Rule Two: Stochastic 36 88 optimized:


This profit profile shows that the rule has performed strongly across the period, whilst the stock has been falling in value. The rule performs precisely how an ideal trading rule would behave under such circumstances; by going short of a stock that fell significantly across the period.

Summary Performance

  • Profit 17.9%
  • Buy & Hold Profit -7%

Trade Summary

  • Total Trades 1
  • Profitable Trades 1
  • Highest Profit 17.9%
  • Unprofitable Trades 0
  • Highest Loss 0

This rule was the most profitable of the 3 indicators in the test set. For the same period, the FTSE 100 benchmark index returned -14% and buy-and-hold -7%

Bull Power Bear Power 3:

The Bull Power Bear Power 3 strategy provided a positive return across the period:


Summary Performance

  • Profit 0.7%
  • Buy & Hold Profit -7%

Trade Summary

  • Total Trades 6
  • Profitable Trades 2
  • Highest Profit 14.3%
  • Unprofitable Trades 4
  • Highest Loss 6.3%

The Bull Power Bear Power 3 indicator was the most active of the trading tools over the test period with 6 trades that resulted in a return of 0.7%. Whilst it did not perform as well as the other two in this instance, it is important to bear in mind that the test set is significantly smaller than the original trading set and it has reaped positive returns above the benchmark of -14% and the buy-and-hold return of -7%.

Overall Performance of Individual Trading Strategies - Trading Strategy & Returns From Test Set Data:

  • MACD 4.7%
  • Stochastics 17.9%
  • Bull-Bear Candlesticks 0.7%
  • FTSE 100 (Benchmark) -14%
  • Buy-&-Hold -7%

Rule Combinations:

As part of the analysis across the test set, combinations of the three most successful trading rules may be developed. On testing only one of these combinations is profitable:

Combination Trading Rule One: Bull Power Bear Power 3 & MACD 45:

Summary Performance

  • Profit 2.8%
  • Buy and Hold Profit -7%

Trade Summary

  • Total Trades 6
  • Profitable Trades 4
  • Highest Profit 4.8%
  • Unprofitable Trades 2
  • Highest Loss -4.2%

Combination Trading Rule Two: MACD 45 & Stochastic 36 88:

Summary Performance

  • Profit -1.9%
  • Buy and Hold Profit -7%

Trade Summary

  • Total Trades 5
  • Profitable Trades 1
  • Highest Profit 3.96%
  • Unprofitable Trades 4
  • Highest Loss -3%

Combination Trading Rule Three: Bull Power Bear Power 3 & Stochastic 36 88:

Summary Performance

  • Profit -7.5%
  • Buy and Hold Profit -7%

Trade Summary

  • Total Trades 13
  • Profitable Trades 4
  • Highest Profit 14.3%
  • Unprofitable Trades 9
  • Highest Loss -6.7%

Combination Trading Rule Four: Bull Power Bear Power 3 & Stochastic 36 88 & MACD 45:

Summary Performance

  • Profit -3.75%
  • Buy and Hold Profit 7%

Trade Summary

  • Total Trades 9
  • Profitable Trades 4
  • Highest Profit 3.3%
  • Unprofitable Trades 5
  • Highest Loss -4.2%

Overall Combination Trading Rules Performance:


The general weakness of the combination trading rules means that only the combination rule that results in positive profits is considered: the Bull Power Bear Power 3 & MACD (45) combination. Unfortunately, as this test requires a 45-day moving average, the prediction set of 58 days is not sufficient.

Prediction Set:

With the results of the test set, the next step is assessment over the prediction period. Whilst the Bull Power Bear Power 3 trading rule does not perform as strongly as the other indicators in the test set, it still significantly outperformed the benchmark and a buy-and-hold strategy. The trading rule would provide positive returns in a bear market. As the rule earned positive returns in the test set, and outperformed the other rules by over 300% in the training set, it is applied to the prediction set.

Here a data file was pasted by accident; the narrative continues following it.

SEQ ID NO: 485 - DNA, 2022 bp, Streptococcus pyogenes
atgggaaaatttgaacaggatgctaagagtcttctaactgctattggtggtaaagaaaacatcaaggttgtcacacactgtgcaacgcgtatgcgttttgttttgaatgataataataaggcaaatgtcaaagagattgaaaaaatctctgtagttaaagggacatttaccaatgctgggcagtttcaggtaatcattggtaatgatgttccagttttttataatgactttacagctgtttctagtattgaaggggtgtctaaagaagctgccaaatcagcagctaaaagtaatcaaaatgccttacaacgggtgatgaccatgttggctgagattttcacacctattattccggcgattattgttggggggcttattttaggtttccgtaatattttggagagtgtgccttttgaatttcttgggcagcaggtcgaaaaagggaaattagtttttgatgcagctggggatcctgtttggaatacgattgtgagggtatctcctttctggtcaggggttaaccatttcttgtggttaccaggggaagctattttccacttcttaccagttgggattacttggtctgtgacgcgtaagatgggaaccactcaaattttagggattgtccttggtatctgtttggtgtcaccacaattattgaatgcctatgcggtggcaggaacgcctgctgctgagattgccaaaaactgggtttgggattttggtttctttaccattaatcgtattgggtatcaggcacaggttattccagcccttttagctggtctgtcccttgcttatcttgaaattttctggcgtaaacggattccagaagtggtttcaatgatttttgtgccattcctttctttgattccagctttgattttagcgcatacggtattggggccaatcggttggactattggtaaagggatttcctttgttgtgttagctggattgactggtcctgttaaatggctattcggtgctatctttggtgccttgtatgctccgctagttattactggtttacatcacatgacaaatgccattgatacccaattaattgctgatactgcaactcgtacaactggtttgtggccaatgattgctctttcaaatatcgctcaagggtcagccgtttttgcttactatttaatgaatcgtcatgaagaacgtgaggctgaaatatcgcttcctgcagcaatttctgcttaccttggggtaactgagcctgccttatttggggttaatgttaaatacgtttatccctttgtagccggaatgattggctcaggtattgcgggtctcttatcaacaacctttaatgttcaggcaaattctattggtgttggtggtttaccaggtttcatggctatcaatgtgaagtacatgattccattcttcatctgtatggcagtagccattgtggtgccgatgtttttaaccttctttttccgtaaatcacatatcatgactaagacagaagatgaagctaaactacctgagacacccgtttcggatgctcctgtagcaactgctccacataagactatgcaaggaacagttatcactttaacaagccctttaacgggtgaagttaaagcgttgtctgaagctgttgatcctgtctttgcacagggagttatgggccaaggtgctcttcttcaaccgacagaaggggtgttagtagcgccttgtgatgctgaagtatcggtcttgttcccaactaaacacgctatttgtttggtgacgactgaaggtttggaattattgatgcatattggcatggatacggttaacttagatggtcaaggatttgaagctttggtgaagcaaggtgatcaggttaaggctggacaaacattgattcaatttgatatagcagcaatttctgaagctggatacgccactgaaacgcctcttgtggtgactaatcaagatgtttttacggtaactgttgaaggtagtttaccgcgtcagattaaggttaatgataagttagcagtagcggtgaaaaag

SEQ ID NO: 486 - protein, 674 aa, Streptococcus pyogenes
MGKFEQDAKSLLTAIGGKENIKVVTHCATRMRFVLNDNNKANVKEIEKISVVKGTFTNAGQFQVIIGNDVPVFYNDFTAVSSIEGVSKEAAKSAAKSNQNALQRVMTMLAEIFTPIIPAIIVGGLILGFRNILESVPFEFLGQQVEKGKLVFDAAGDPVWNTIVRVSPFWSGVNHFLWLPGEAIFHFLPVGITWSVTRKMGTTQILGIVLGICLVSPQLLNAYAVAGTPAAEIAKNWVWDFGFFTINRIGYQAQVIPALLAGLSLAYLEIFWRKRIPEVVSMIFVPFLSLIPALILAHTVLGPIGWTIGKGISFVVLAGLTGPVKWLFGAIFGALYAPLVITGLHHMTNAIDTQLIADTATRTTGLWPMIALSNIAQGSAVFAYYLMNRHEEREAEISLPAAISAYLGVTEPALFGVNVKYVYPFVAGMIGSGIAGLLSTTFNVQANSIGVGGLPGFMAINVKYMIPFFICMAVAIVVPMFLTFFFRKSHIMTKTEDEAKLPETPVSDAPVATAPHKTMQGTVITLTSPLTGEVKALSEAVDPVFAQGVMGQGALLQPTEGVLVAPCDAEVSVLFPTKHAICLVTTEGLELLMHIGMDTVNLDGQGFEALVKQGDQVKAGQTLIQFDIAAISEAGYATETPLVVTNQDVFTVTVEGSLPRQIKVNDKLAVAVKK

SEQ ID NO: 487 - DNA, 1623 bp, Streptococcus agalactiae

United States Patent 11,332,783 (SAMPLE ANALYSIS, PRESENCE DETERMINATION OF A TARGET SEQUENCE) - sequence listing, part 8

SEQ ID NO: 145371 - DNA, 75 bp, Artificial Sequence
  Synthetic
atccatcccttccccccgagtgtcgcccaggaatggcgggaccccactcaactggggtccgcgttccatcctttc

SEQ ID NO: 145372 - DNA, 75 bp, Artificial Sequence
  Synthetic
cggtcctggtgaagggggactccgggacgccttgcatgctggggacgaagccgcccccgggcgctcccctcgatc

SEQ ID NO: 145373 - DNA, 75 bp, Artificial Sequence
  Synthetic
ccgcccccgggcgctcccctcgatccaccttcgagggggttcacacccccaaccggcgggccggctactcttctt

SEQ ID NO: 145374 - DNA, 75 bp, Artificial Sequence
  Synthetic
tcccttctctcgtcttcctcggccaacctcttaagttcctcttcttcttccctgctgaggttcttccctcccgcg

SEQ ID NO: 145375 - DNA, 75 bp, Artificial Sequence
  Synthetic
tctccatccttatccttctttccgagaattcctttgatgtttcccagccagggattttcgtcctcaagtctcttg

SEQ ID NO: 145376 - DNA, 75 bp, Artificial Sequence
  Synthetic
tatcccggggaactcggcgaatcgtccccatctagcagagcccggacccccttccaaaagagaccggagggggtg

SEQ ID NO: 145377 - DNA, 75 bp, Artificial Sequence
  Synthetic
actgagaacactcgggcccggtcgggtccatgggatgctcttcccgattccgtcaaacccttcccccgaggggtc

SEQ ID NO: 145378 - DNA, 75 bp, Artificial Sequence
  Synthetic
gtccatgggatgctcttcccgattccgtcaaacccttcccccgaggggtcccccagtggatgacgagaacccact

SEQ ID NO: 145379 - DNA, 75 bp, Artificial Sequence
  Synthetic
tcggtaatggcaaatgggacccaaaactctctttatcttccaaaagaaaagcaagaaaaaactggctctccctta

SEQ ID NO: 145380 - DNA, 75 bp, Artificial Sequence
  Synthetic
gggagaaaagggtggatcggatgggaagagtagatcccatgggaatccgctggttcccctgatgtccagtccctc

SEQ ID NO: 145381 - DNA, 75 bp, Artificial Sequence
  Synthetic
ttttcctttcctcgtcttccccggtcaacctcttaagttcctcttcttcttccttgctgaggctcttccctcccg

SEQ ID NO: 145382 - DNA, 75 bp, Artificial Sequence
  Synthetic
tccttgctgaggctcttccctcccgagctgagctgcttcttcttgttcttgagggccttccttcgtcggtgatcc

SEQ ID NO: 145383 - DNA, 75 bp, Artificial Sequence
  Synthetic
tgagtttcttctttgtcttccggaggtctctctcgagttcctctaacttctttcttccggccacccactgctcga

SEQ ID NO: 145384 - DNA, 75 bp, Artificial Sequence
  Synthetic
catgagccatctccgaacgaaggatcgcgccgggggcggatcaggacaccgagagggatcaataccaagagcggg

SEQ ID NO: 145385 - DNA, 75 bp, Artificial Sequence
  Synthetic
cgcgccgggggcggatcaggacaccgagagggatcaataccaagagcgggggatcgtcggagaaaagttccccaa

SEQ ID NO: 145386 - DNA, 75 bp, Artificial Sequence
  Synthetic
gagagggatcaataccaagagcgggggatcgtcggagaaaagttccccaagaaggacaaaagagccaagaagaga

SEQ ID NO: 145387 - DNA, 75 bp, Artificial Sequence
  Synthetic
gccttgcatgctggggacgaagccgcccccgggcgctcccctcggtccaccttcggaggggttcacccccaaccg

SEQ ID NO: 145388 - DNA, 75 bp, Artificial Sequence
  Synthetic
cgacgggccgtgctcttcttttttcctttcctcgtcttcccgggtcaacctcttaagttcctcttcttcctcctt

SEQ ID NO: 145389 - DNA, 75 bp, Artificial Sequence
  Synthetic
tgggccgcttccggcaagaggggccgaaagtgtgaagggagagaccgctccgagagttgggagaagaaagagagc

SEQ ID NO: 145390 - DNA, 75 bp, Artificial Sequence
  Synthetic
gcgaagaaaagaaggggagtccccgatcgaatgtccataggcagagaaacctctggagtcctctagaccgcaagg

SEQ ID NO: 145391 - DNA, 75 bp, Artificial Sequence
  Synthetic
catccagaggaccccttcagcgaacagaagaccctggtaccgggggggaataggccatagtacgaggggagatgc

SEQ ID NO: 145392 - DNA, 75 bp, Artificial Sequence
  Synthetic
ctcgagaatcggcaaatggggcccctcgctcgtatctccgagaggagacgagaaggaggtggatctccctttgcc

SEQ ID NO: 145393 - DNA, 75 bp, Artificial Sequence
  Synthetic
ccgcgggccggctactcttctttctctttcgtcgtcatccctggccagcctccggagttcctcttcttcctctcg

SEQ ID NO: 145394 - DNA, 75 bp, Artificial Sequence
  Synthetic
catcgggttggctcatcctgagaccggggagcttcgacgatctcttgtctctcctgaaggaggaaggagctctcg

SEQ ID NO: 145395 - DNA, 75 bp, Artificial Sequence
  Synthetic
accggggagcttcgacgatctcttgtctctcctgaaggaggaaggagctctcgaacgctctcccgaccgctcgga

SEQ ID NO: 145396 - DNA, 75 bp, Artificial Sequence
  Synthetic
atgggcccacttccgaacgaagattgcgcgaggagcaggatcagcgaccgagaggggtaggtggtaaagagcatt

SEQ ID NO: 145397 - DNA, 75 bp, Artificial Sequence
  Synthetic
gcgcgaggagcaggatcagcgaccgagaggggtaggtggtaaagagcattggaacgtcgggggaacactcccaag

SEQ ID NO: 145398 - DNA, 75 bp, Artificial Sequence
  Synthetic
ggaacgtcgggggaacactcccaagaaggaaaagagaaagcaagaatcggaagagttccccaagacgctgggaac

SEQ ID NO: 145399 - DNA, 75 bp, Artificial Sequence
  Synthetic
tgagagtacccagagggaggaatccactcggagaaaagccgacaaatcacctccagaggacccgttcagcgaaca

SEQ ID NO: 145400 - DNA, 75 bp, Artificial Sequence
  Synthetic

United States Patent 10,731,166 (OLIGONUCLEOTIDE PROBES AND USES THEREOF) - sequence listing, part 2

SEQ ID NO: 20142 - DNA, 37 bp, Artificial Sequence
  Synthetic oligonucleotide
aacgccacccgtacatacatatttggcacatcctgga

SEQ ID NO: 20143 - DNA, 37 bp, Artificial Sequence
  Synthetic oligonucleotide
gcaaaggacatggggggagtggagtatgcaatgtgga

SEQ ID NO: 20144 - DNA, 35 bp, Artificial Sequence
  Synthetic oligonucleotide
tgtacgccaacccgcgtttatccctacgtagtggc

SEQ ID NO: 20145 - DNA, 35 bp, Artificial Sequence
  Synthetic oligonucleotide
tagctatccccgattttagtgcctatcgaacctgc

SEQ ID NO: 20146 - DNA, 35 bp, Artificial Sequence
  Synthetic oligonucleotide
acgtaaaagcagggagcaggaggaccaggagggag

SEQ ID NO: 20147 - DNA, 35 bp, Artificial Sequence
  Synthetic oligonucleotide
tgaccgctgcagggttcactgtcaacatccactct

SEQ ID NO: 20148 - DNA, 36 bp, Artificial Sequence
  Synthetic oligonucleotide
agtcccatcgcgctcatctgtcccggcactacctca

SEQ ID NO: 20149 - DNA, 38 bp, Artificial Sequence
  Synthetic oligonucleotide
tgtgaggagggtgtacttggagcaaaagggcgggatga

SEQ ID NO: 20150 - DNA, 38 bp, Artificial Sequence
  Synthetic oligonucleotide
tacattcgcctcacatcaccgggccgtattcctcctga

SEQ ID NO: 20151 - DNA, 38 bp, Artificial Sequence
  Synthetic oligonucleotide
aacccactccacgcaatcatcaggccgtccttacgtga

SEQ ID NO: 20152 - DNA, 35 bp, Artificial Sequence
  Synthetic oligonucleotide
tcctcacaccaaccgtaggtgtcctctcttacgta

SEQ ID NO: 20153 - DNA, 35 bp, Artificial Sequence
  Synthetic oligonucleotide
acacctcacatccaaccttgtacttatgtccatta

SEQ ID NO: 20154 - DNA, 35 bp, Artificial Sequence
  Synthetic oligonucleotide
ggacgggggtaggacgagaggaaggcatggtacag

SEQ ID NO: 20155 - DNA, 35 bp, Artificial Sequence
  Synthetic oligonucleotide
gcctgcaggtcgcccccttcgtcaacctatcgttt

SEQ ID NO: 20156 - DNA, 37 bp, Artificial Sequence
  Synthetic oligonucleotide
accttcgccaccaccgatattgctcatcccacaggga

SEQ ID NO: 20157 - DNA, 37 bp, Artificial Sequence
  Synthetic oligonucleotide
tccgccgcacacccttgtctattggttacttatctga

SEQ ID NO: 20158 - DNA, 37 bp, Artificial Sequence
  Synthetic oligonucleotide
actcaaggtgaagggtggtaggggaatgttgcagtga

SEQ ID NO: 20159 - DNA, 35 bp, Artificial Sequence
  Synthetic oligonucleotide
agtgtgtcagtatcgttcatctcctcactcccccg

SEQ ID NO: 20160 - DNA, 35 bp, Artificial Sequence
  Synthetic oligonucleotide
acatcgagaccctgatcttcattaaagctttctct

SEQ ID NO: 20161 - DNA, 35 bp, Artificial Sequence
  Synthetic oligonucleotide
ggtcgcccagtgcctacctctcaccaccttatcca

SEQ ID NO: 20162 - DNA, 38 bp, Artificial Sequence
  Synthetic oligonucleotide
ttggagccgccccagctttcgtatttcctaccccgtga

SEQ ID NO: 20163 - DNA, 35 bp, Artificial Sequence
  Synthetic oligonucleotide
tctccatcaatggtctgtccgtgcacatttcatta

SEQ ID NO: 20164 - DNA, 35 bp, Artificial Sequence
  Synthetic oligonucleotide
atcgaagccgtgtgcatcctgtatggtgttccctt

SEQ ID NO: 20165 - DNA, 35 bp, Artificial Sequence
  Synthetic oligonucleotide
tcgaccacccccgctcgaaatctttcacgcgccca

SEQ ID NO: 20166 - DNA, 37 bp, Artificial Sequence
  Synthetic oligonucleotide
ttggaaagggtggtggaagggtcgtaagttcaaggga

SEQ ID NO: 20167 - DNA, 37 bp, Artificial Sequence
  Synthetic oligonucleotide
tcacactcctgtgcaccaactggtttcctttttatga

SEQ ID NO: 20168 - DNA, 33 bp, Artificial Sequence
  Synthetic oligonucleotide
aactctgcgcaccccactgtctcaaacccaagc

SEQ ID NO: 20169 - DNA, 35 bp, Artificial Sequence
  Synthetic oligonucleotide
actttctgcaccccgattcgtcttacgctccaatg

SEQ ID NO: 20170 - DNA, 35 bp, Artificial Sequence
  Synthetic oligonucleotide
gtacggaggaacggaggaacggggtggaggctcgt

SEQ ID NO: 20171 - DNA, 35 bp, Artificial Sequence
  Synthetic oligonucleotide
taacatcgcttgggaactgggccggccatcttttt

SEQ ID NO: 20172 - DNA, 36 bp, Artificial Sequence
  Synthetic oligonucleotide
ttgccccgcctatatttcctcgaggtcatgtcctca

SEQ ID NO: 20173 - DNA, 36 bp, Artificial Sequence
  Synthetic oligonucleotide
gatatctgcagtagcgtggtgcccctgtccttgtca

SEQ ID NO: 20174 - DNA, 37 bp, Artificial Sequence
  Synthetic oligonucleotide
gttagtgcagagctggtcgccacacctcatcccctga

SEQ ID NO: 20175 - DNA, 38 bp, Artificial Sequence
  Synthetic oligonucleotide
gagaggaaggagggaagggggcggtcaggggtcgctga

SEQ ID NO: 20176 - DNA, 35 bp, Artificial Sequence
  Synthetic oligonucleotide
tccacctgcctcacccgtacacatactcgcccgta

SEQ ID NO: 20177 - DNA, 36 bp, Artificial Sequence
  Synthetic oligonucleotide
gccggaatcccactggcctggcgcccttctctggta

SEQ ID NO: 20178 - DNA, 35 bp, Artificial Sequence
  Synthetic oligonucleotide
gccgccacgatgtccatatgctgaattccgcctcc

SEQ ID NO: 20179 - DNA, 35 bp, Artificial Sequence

For completeness a more comprehensive study would be undertaken to judge all three rules and combinations; in this case the Bull Power Bear Power 3 trading rule is assessed. For an example of the process, running this rule across the prediction set results in a positive return, greater than both the benchmark and the buy-and-hold strategy:

Trading Strategy & Returns:

  • Bull Power Bear Power 3 6.6%
  • FTSE 100 (Benchmark) 1.0%
  • Buy-&-Hold -4.1%


Having conducted a largely objective analysis of the BP data set across the three periods, the Bull Power Bear Power 3 trading rule would provide a financially rewarding conclusion. Although on first assessment it may be difficult to asses the reasons behind any success or failure, the underlying nature of how exactly this rule works goes some way to explain its benefits.

Incorporating a Candlestick method into the Technical Analysis case study provides a representation of the stock’s open, high, low and closing prices. This method is indicative of overall market buying/selling pressures and also gives an idea of the levels of disparity.

In this case the Bull Power Bear Power 3 may be recommended with some confidence as a technical indicator on BP stock, demonstrating one approach in the application of Technical Analysis and rule filtering.

For an application of this approach to Bitcoin (BTC), refer to Applying Technical Analysis Rule Generation to Bitcoin


Achelis, Steven. B., Technical Analysis From A to Z

Brock, W., J. Lakonishok and B. Le Baron, Simple technical trading rules and the stochastic properties of stock returns, Journal of Finance, 47, 1731-1764, 1992

Malkiel, B.G., A Random Walk Down Wall Street: including a life cycle to personal investing, (6th Edition) 1999

Neely, Cristopher. J., Technical Analysis in the Foreign Exchange Market: A Layman’s Guide, Federal Reserve Bank of St. Louis Review, September/October 1997

Treynor J., and R. Ferguson, In defense of technical analysis, Journal of Finance, xxx, 757-773, 1985

Treynor, M.P., and H. Allen, The use of technical analysis in the foreign exchange market, Journal of International Money and Finance, 304-314, 1992